How to Identify and Nullify Innovation Killers

Woman in a conference appearing bored.

Talking about doing can kill innovation.

Innovation strategy can be a powerful thing, but any businessperson can tell you that no strategy, however carefully formed, survives contact with the day-to-day reality of running a business. Company culture and approach can foster innovation or kill it, and to prevent innovations from dying in committee, ask yourself these questions.

How Do You Handle Failure?

Everybody, to some degree, is worried about failing. That’s not entirely wrongheaded, but with innovation, failure needs to be put into its proper context so this fear vanishes. If an idea is presented, refined, implemented, and fails, it’s not the ideal scenario perhaps. But your company has collected important data about what works and can step back and consider why that is. Remember, failure is not the end. Even the biggest companies in the world have failed, sometimes on a staggering scale; think Netflix’s quickly forgotten attempt to spin off its DVD rental business as “Quikster.”

Have You Dedicated Enough Resources?

Innovation’s greatest killer is bottlenecks. Committees that don’t have enough time to meet, a meeting on a topic that’s held once and then dropped, or a lone employee trying to spend an hour a day filtering through hundreds of suggestions are often the murder scenes of great ideas. Ensure that any innovation strategy has the resources and tools to succeed, and create accountability structures to keep things going.

Man in a shirt and tie sitting on top of a large stack of papers.

Innovation isn’t about forms.

Is Innovation Everyone’s Job?

Innovation is often seen as the job of engineers, programmers, and other people who take math and science and apply them to the real world. It’s easy to forget, however, that this creates a limited mindset for innovation within a company.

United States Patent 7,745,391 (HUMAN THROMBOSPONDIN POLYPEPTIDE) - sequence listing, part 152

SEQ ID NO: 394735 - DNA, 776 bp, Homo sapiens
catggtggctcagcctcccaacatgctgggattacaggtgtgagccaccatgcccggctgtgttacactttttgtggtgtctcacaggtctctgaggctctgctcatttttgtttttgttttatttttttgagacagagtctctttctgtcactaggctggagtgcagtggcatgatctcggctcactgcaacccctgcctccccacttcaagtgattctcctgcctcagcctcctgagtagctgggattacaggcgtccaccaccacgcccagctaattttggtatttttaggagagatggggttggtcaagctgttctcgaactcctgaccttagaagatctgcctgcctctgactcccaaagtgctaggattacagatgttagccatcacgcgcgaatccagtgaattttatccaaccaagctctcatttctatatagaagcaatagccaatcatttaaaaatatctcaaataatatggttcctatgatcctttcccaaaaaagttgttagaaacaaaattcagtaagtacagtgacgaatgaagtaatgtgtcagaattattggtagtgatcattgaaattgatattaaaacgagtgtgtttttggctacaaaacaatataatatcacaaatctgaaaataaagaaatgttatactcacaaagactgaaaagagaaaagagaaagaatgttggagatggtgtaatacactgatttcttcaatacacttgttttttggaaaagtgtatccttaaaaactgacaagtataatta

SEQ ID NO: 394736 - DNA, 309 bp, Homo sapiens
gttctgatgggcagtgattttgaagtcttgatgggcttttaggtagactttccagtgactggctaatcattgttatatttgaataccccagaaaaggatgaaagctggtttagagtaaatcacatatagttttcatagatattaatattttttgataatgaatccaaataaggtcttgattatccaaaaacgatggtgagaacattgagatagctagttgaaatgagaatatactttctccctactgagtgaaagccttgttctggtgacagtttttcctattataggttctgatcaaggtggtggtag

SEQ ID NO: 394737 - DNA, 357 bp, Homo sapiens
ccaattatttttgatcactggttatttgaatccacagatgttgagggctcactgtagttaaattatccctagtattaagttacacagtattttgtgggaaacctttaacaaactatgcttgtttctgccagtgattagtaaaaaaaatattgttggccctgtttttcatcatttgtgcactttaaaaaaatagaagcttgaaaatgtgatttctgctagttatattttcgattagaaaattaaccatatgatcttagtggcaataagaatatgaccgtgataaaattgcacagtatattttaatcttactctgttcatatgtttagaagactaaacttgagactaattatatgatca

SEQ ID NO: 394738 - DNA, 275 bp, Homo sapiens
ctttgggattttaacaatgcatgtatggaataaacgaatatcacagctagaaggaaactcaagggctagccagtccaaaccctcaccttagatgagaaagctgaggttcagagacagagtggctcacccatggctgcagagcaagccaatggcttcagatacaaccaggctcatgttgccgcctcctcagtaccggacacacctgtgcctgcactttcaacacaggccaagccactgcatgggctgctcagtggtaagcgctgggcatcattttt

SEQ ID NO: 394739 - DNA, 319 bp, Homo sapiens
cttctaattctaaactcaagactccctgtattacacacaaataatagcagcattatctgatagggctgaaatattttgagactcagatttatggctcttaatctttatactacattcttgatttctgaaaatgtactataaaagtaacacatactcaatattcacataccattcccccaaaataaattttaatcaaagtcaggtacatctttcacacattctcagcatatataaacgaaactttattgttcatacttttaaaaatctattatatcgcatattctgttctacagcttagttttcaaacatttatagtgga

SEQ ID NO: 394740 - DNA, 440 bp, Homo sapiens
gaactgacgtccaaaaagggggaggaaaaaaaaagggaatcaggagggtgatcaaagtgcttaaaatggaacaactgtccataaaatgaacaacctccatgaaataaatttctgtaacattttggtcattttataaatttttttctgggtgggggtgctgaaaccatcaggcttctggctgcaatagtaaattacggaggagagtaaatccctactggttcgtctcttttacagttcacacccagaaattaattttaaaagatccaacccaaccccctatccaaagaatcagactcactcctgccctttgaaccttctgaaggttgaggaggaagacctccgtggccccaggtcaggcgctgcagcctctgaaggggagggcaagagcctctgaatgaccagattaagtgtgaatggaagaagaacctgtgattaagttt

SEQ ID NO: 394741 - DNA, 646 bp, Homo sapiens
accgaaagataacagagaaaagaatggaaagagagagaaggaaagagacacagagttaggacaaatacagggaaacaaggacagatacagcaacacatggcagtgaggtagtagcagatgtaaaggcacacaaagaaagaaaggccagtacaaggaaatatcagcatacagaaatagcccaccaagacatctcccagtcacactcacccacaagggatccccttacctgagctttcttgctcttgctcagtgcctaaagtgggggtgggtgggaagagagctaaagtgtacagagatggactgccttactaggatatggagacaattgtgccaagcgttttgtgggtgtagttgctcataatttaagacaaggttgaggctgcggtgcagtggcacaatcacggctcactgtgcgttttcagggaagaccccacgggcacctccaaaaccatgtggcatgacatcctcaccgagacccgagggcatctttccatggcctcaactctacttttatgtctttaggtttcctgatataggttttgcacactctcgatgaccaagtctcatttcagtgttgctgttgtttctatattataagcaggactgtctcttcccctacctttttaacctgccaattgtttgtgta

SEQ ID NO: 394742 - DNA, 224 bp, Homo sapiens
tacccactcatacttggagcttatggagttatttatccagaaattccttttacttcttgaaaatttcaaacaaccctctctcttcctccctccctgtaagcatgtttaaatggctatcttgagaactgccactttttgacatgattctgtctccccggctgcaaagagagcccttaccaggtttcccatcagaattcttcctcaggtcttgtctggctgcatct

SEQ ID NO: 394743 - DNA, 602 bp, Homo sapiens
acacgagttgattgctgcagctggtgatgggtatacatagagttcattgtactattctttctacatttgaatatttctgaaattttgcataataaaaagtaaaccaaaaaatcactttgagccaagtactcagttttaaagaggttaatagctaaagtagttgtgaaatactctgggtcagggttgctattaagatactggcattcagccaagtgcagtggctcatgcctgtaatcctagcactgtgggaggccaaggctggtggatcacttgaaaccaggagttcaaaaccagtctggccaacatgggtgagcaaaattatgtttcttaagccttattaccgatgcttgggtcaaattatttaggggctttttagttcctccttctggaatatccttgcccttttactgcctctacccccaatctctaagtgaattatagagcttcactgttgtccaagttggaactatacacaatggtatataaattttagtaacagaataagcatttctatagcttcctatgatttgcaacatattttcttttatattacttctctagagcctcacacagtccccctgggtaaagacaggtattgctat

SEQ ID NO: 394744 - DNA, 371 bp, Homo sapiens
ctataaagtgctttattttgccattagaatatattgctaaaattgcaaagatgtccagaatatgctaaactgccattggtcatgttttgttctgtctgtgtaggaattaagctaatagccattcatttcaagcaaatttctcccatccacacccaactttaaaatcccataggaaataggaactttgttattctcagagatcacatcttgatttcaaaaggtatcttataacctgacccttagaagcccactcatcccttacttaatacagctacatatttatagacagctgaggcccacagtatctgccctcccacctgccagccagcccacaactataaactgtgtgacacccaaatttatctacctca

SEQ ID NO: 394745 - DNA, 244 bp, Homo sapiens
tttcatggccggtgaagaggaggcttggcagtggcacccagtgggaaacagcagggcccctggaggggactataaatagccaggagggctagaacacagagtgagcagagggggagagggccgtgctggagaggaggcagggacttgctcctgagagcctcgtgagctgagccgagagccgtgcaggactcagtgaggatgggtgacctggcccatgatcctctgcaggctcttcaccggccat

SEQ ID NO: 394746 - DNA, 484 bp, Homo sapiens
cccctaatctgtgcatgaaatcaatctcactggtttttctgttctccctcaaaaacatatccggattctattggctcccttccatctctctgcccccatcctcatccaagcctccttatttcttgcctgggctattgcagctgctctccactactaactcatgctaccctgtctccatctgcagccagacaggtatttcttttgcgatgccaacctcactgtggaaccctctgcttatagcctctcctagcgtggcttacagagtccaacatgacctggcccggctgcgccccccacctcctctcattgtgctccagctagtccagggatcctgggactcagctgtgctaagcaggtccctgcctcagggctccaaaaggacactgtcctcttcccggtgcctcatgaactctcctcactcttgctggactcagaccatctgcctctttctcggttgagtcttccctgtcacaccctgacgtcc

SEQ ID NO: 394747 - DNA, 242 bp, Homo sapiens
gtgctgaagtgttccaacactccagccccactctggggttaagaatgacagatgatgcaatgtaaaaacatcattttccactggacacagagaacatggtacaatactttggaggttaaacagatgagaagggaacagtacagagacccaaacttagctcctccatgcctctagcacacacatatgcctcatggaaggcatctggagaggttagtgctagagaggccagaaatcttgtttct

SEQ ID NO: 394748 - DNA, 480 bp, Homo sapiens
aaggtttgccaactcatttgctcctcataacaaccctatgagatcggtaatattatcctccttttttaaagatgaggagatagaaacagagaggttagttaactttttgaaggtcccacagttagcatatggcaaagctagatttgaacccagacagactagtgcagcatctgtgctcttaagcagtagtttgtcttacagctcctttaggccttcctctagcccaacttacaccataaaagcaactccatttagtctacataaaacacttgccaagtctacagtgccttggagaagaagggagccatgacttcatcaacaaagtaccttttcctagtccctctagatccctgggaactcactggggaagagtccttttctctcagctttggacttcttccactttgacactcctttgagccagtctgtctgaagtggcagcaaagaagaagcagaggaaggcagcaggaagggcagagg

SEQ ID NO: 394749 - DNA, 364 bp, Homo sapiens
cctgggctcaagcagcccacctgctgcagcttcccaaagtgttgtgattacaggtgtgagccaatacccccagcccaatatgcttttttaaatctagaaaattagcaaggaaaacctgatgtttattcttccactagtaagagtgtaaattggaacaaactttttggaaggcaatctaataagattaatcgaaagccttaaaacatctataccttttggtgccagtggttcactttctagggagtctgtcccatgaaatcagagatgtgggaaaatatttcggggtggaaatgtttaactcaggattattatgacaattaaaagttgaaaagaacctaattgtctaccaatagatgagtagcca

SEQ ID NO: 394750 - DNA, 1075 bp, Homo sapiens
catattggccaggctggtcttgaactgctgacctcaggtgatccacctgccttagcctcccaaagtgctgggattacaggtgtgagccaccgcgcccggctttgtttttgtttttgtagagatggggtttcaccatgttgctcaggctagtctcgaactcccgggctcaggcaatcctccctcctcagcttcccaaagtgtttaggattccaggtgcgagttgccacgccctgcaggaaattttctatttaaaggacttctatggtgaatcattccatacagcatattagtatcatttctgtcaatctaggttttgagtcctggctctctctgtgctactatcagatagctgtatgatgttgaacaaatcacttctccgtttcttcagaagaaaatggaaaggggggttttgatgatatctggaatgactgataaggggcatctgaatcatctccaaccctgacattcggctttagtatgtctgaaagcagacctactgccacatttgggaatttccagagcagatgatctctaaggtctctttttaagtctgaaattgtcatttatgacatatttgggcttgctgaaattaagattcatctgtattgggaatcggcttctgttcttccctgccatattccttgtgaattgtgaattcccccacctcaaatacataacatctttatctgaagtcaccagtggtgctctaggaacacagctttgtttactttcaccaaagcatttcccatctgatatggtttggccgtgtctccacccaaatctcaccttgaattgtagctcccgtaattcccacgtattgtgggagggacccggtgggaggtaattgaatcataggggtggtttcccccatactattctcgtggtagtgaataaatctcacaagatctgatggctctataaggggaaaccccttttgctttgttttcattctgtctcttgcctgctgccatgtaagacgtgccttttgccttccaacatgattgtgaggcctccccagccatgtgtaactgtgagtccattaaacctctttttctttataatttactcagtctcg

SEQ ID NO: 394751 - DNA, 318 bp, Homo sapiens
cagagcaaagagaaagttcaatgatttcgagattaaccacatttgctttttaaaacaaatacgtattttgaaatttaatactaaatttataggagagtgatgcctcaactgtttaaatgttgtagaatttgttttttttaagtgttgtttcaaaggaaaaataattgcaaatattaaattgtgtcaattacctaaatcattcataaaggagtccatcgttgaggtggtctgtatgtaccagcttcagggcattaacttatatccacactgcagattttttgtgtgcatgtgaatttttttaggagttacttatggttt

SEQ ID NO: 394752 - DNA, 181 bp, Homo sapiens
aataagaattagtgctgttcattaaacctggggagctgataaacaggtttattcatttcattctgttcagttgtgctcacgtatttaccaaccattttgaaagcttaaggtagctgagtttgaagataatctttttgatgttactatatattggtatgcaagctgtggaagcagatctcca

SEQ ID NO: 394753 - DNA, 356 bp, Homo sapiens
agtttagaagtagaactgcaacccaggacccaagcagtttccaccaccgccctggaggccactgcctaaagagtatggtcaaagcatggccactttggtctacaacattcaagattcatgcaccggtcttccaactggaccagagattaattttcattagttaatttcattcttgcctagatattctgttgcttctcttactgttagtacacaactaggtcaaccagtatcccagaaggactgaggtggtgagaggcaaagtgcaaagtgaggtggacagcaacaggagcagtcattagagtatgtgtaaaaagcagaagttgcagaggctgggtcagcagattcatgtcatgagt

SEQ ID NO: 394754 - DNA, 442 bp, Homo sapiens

Much of innovation is not inventing an entirely new concept, but rather combining multiple approaches, technologies, and ideas to create something new. Nintendo has this enshrined as a company principle, which it calls Lateral Thinking With Withered Technology. Instead of trying to invent something new out of whole cloth, Nintendo asks employees across the company to take well-proven, cheap technology and combine it in new ways. As a result, Nintendo has survived in the gaming industry where titans like IBM and Phillips have failed.

Does Innovation Have A Clear Path?

One of the toughest problems in any company is limiting administrative friction. Say for example an employee has an idea. What path does that idea take? Can the employee submit it directly to your innovation team, or do they have to submit it to their supervisor, who then needs to consider the idea before forwarding it to the innovation team? Or worse, forward it to their supervisor? Innovation thrives on having a clear path from idea to a group that will refine and implement that idea. Sometimes you’ll need to trim away a little bureaucratic undergrowth to make that happen.

Is Innovation Constant?

Some people do their best work under pressure, and this is as true of innovation as it is of anything else. However, it’s unlikely you’ll always be needing to innovate or die, especially as you get better at refining ideas and come across some new ones.

This doesn’t mean you should stop working on ideas, however. In part, this is because you’ll never know when the pressure will ratchet back up. You should also innovate to keep your company fresh, thinking about the future, considering new approaches and features, and above all making what you sell better for your customers. To learn how you can make innovation part of your everyday work culture, contact us.

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